UN session seeks to kick-start 'sleeping conference' and cut off nuclear bomb material

UNITED NATIONS (AP) — Moving quickly on a treaty to shut down all production of uranium and plutonium for atomic bombs is an "essential step" toward global nuclear disarmament, says a new coalition of nuclear-activist nations.

Negotiations for the long-proposed Fissile Material Cutoff Treaty, blocked by Pakistan at the Conference on Disarmament in Geneva, should instead "be pursued with vigor and determination," says the 10-nation group, led by Japan and Australia and including Germany, Canada and Mexico.

The 10 foreign ministers issued a blueprint for next steps in arms control on the eve of a unique, high-level meeting U.N. Secretary-General Ban Ki-moon was convening here Friday in an effort to kick-start the Geneva talks — "the sleeping conference," as Japanese Foreign Ministry spokesman Satoru Satoh called it.

The 65-nation, 31-year-old Conference on Disarmament, the world's only multilateral forum for nuclear arms diplomacy, has not produced anything substantial since the 1996 nuclear test-ban treaty, a pact now on hold because key nations, including the U.S., have not ratified it.

A fissile-material treaty has been proposed since the 1990s, after decades in which nuclear-weapons powers accumulated hundreds of tons of plutonium and highly enriched uranium — sitting today in deployed or disused weapon warheads, in storage, in fuel stores for nuclear-power Russian icebreakers and U.S. missile submarines, in research reactors, and elsewhere.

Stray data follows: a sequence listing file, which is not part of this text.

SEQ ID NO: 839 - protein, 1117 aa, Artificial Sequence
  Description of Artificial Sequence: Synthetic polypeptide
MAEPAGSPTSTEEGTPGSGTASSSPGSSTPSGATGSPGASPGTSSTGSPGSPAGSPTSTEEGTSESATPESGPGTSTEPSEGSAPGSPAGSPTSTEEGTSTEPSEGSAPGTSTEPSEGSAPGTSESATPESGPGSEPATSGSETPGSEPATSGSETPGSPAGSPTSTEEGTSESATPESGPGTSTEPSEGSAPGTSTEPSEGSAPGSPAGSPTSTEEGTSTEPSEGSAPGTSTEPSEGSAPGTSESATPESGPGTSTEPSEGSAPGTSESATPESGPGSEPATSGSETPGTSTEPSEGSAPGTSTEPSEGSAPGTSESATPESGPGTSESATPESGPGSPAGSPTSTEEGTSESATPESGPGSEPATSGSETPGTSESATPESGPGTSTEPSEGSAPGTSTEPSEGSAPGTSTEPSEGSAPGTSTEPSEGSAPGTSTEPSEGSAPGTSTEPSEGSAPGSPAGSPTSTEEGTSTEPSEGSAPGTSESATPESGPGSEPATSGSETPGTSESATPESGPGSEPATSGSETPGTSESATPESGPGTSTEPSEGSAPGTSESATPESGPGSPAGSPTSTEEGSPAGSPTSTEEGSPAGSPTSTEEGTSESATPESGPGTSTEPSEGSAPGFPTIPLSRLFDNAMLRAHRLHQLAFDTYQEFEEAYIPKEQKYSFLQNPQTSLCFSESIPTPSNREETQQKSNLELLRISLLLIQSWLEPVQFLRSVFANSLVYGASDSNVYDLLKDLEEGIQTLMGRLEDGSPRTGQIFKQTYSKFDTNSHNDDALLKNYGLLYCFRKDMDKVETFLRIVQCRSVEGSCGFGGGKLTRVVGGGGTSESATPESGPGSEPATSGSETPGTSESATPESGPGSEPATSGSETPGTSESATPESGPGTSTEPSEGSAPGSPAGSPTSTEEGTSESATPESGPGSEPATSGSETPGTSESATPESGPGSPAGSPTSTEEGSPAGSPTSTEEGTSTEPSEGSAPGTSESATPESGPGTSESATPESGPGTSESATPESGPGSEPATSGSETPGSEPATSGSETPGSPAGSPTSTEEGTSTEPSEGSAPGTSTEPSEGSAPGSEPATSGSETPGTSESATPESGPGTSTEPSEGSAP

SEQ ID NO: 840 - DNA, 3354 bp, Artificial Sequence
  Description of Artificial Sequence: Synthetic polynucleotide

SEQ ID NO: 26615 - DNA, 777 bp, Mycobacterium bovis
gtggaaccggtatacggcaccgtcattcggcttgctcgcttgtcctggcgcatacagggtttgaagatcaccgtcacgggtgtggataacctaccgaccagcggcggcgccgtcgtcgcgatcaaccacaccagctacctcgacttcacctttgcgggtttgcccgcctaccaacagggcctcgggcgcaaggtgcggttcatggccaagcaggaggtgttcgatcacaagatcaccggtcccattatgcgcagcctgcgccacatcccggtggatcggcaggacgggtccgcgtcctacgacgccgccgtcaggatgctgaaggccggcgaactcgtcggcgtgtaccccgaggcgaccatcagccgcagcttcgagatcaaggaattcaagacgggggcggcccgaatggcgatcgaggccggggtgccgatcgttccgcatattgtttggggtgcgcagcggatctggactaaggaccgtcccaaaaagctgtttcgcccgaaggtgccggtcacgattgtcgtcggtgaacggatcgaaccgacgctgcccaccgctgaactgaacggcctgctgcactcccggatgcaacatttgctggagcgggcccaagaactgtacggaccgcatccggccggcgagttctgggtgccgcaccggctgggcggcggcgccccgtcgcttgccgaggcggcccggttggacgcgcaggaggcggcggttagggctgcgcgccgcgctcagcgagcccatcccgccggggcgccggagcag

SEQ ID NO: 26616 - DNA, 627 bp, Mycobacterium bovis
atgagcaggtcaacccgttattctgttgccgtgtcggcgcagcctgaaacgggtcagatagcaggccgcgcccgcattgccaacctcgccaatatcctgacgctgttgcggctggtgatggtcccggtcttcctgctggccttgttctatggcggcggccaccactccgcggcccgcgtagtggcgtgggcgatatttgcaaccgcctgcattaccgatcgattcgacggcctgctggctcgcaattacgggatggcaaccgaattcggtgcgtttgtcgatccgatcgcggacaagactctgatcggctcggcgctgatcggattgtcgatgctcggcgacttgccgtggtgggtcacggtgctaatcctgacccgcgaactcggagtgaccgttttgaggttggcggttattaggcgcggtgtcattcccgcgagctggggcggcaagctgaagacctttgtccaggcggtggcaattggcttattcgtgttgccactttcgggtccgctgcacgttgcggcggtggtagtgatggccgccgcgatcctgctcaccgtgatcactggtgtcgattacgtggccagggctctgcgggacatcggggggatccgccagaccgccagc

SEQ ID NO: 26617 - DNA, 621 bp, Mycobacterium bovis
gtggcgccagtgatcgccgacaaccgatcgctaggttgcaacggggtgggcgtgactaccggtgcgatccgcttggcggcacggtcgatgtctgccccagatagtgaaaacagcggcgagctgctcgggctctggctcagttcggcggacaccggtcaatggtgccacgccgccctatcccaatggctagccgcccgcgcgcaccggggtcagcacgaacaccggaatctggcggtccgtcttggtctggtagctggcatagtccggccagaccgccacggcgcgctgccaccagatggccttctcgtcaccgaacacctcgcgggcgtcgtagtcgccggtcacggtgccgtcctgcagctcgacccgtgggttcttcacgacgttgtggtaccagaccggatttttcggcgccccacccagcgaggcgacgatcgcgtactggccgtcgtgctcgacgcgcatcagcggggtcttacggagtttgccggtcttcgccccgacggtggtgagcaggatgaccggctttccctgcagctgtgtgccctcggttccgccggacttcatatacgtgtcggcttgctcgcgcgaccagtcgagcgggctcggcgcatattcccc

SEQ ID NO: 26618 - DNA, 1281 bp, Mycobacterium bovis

Experts believe there's enough in the world for 160,000 bombs, increasingly worrying global authorities at a time when international terrorists talk of "going nuclear."

The U.S. administration of President George W. Bush had opposed negotiating a cutoff pact, arguing that it would not be verifiable, since that would require an objectionably intrusive regime.

President Barack Obama reversed that stand after taking office last year, and the Geneva conference finally agreed on an agenda. Pakistan at first allowed the process to move forward, but this year it blocked further work, its privilege under conference rules requiring a consensus of all members.

Archrival India has a larger stock of fissile material than Pakistan does, and a greater capacity to build warheads. The Islamabad government consequently wants a treaty that doesn't only cut off future production, but reduces current stocks of bomb material.

"It presents us with a clear and present danger," Pakistan's Geneva negotiator, Zamir Akram, said last January of the cutoff idea.

At the moment, only Pakistan and India — and possibly Israel and North Korea — produce fissile material for weapons. The U.S., Russia and other major nuclear powers have declared unilateral moratoriums on production.

As the year dragged on, some in Geneva, including the Americans and French, suggested that a negotiating process might have to be established outside the disarmament conference to work on a fissile material treaty. Anyone rejecting such talks would become more internationally isolated.